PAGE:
8/27/21: I've updated this with more recommendation for what Solutions Journalism should do to avoid these conflicts of interest in the future.
Timothy Schwab has written a series
of must-read pieces about the overriding influence of
the Gates Foundation on public policy, and how the Foundation influences the reporting of the issues they are involved in, in
part by helping to bankroll the media .
His latest analysis, published in Columbia
Journalism Review, recounts how in 2016, I emailed the NY Times twice
to ask why several “Fixes” columns written by their reporters Tina Rosenberg
and David Bornstein hyping various Gates Foundation education projects and
investments had no acknowledgements that they themselves received salaries from
the non-profit they co-founded called Solutions Journalism Network, which is heavily
subsidized by the Foundation.
My second email
to the Times, quoted by Schwab, pointed out how “Having a NYT columnist who
is funded by Gates who regularly hypes controversial Gates-funded projects without
any disclosure of conflict of interest could be compared to running columns on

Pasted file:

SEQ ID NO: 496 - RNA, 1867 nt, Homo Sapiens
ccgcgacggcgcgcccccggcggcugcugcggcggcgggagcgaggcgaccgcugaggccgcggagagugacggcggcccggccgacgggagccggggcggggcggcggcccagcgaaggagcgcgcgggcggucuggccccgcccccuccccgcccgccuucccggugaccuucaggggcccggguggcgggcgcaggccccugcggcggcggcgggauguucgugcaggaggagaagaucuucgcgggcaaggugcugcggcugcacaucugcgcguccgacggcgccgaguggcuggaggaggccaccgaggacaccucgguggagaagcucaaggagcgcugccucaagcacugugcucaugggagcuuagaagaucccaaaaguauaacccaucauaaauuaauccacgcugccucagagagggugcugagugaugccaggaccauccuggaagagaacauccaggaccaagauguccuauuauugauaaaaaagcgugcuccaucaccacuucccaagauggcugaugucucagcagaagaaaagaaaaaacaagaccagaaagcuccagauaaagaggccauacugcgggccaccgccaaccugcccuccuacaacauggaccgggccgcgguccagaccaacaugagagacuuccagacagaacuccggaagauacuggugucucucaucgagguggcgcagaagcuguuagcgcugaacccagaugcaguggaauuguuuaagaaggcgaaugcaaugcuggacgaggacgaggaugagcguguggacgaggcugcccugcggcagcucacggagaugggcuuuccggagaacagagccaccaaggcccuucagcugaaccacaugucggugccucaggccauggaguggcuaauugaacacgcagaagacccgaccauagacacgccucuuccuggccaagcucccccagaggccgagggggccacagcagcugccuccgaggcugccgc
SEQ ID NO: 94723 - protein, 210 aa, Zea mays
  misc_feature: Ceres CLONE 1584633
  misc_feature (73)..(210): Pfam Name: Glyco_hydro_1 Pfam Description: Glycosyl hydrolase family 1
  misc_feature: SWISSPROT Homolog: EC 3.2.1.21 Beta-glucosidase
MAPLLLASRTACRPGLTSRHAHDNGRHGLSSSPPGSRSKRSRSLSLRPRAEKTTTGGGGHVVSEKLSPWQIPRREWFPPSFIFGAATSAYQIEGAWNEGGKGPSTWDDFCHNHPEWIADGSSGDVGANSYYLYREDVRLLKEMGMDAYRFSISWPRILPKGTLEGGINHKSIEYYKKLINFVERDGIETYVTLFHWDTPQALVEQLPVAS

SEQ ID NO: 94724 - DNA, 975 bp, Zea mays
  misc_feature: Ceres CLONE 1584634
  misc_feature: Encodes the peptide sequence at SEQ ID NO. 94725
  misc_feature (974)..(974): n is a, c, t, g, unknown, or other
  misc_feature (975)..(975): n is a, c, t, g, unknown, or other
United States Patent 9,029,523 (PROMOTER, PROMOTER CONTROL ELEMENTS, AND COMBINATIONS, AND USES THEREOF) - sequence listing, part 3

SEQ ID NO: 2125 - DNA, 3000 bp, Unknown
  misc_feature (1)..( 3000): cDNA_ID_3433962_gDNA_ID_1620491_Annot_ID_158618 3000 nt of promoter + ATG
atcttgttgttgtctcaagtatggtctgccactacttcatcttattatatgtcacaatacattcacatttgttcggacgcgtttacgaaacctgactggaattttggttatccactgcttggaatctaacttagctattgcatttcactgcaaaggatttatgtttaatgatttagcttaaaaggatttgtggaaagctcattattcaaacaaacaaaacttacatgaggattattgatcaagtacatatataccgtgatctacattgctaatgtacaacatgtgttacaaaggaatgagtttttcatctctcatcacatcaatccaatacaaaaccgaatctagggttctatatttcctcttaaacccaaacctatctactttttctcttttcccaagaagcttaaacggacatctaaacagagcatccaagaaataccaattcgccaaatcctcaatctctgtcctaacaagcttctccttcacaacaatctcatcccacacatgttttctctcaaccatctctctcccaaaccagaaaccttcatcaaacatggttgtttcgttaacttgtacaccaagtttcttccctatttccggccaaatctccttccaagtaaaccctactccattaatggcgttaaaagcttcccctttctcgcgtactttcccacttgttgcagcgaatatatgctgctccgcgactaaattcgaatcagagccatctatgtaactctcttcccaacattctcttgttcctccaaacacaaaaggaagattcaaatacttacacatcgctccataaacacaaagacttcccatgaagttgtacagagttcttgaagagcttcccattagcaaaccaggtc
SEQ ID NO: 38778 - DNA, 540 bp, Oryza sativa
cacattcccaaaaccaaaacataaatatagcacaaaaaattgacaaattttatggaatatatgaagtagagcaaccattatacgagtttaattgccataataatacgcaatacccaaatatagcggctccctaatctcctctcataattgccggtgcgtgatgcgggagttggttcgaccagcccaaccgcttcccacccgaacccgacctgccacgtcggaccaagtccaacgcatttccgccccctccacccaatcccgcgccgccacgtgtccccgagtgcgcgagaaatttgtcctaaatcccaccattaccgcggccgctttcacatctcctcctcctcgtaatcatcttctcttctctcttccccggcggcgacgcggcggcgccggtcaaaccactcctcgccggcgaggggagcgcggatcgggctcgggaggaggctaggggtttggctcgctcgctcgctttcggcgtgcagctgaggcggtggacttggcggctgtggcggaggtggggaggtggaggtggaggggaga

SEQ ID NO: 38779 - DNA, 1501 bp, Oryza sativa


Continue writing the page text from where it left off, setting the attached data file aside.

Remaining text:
the environment by someone who runs an organization funded by Exxon/Mobil.”
Yet I received no response of any kind. The 2016 blog post that I linked to in my emails pointed out how the columns by Rosenberg and Bornstein on Gates grantees were biased, with few if any quotes from critics, nor any mention of readily available studies showing that the Gates-funded programs they were promoting had been shown to be ineffective or had a negative impact on educational quality.
The Gates Foundation provides millions of dollars to many journalistic enterprises, which Schwab argued in an earlier 2020 piece helps to explain the kid glove treatment the Foundation has received over the last twenty years. The media outlets that get funding from Gates and regularly cover his education projects and investments include Chalkbeat, Hechinger Report, The 74, and Education Post, as well as K12 school reporting by NPR, Seattle Times, and others. The Foundation also helps to fund the Education Writers Association, which frequently features speakers friendly to various policies favored by Gates.